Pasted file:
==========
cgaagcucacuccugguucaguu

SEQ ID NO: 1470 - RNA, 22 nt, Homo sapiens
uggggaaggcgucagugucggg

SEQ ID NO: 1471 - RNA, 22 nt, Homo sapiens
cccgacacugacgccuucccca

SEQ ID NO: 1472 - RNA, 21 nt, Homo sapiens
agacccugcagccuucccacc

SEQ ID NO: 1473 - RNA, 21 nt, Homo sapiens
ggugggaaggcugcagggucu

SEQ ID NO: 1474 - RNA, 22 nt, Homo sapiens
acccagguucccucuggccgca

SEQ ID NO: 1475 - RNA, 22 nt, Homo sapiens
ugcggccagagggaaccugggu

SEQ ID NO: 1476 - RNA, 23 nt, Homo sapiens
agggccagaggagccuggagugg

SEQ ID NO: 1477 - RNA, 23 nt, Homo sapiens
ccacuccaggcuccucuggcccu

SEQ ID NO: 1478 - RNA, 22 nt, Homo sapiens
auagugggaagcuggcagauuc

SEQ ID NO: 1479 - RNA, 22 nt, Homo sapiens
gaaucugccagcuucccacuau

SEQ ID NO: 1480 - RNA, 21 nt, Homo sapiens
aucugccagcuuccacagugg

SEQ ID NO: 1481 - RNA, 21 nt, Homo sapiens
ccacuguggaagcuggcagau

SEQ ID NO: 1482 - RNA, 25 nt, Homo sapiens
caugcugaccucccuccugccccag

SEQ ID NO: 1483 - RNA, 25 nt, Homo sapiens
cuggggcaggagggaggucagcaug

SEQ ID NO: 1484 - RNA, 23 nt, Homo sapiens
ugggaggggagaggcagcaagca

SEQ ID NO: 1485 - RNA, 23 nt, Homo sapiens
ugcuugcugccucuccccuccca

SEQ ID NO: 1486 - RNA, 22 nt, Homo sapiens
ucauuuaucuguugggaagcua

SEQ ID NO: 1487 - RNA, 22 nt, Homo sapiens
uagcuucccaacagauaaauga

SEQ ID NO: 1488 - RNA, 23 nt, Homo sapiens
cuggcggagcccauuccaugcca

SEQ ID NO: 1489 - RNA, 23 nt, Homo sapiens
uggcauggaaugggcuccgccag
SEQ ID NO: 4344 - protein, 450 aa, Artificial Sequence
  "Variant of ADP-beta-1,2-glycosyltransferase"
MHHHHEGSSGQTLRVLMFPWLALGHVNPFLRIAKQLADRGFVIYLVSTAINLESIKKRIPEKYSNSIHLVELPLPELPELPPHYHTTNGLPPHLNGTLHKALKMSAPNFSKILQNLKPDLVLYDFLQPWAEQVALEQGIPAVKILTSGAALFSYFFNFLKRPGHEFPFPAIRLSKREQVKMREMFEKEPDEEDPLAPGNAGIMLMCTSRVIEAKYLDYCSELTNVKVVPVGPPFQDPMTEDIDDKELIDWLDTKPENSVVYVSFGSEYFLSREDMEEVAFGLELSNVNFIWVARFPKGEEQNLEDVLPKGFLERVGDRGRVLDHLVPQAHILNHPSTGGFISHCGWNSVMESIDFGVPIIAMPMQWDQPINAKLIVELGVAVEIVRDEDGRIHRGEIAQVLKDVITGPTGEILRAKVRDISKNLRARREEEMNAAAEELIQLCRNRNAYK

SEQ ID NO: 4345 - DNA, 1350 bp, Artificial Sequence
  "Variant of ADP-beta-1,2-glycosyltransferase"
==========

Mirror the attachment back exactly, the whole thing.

cgaagcucacuccugguucaguu

SEQ ID NO: 1470 - RNA, 22 nt, Homo sapiens
uggggaaggcgucagugucggg

SEQ ID NO: 1471 - RNA, 22 nt, Homo sapiens
cccgacacugacgccuucccca

SEQ ID NO: 1472 - RNA, 21 nt, Homo sapiens
agacccugcagccuucccacc

SEQ ID NO: 1473 - RNA, 21 nt, Homo sapiens
ggugggaaggcugcagggucu

SEQ ID NO: 1474 - RNA, 22 nt, Homo sapiens
acccagguucccucuggccgca

SEQ ID NO: 1475 - RNA, 22 nt, Homo sapiens
ugcggccagagggaaccugggu

SEQ ID NO: 1476 - RNA, 23 nt, Homo sapiens
agggccagaggagccuggagugg

SEQ ID NO: 1477 - RNA, 23 nt, Homo sapiens
ccacuccaggcuccucuggcccu

SEQ ID NO: 1478 - RNA, 22 nt, Homo sapiens
auagugggaagcuggcagauuc

SEQ ID NO: 1479 - RNA, 22 nt, Homo sapiens
gaaucugccagcuucccacuau

SEQ ID NO: 1480 - RNA, 21 nt, Homo sapiens
aucugccagcuuccacagugg

SEQ ID NO: 1481 - RNA, 21 nt, Homo sapiens
ccacuguggaagcuggcagau

SEQ ID NO: 1482 - RNA, 25 nt, Homo sapiens
caugcugaccucccuccugccccag

SEQ ID NO: 1483 - RNA, 25 nt, Homo sapiens
cuggggcaggagggaggucagcaug

SEQ ID NO: 1484 - RNA, 23 nt, Homo sapiens
ugggaggggagaggcagcaagca

SEQ ID NO: 1485 - RNA, 23 nt, Homo sapiens
ugcuugcugccucuccccuccca

SEQ ID NO: 1486 - RNA, 22 nt, Homo sapiens
ucauuuaucuguugggaagcua

SEQ ID NO: 1487 - RNA, 22 nt, Homo sapiens
uagcuucccaacagauaaauga

SEQ ID NO: 1488 - RNA, 23 nt, Homo sapiens
cuggcggagcccauuccaugcca

SEQ ID NO: 1489 - RNA, 23 nt, Homo sapiens
uggcauggaaugggcuccgccag
SEQ ID NO: 4344 - protein, 450 aa, Artificial Sequence
  "Variant of ADP-beta-1,2-glycosyltransferase"
MHHHHEGSSGQTLRVLMFPWLALGHVNPFLRIAKQLADRGFVIYLVSTAINLESIKKRIPEKYSNSIHLVELPLPELPELPPHYHTTNGLPPHLNGTLHKALKMSAPNFSKILQNLKPDLVLYDFLQPWAEQVALEQGIPAVKILTSGAALFSYFFNFLKRPGHEFPFPAIRLSKREQVKMREMFEKEPDEEDPLAPGNAGIMLMCTSRVIEAKYLDYCSELTNVKVVPVGPPFQDPMTEDIDDKELIDWLDTKPENSVVYVSFGSEYFLSREDMEEVAFGLELSNVNFIWVARFPKGEEQNLEDVLPKGFLERVGDRGRVLDHLVPQAHILNHPSTGGFISHCGWNSVMESIDFGVPIIAMPMQWDQPINAKLIVELGVAVEIVRDEDGRIHRGEIAQVLKDVITGPTGEILRAKVRDISKNLRARREEEMNAAAEELIQLCRNRNAYK

SEQ ID NO: 4345 - DNA, 1350 bp, Artificial Sequence
  "Variant of ADP-beta-1,2-glycosyltransferase"